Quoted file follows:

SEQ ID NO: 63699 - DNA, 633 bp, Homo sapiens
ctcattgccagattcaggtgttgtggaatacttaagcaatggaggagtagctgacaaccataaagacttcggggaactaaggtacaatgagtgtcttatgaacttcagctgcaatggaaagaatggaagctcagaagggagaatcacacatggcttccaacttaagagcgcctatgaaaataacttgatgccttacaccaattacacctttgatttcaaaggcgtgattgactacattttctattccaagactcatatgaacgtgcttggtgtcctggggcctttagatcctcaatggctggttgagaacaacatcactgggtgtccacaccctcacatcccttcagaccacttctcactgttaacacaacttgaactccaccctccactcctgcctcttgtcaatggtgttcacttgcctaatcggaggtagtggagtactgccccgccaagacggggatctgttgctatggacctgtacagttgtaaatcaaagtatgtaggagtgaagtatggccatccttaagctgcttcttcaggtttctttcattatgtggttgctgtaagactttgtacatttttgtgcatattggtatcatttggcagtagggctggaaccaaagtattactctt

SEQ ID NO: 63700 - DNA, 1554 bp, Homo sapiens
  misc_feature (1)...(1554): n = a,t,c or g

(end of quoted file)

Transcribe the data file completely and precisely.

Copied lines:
SEQ ID NO: 63699 - DNA, 633 bp, Homo sapiens
ctcattgccagattcaggtgttgtggaatacttaagcaatggaggagtagctgacaaccataaagacttcggggaactaaggtacaatgagtgtcttatgaacttcagctgcaatggaaagaatggaagctcagaagggagaatcacacatggcttccaacttaagagcgcctatgaaaataacttgatgccttacaccaattacacctttgatttcaaaggcgtgattgactacattttctattccaagactcatatgaacgtgcttggtgtcctggggcctttagatcctcaatggctggttgagaacaacatcactgggtgtccacaccctcacatcccttcagaccacttctcactgttaacacaacttgaactccaccctccactcctgcctcttgtcaatggtgttcacttgcctaatcggaggtagtggagtactgccccgccaagacggggatctgttgctatggacctgtacagttgtaaatcaaagtatgtaggagtgaagtatggccatccttaagctgcttcttcaggtttctttcattatgtggttgctgtaagactttgtacatttttgtgcatattggtatcatttggcagtagggctggaaccaaagtattactctt

SEQ ID NO: 63700 - DNA, 1554 bp, Homo sapiens
  misc_feature (1)...(1554): n = a,t,c or g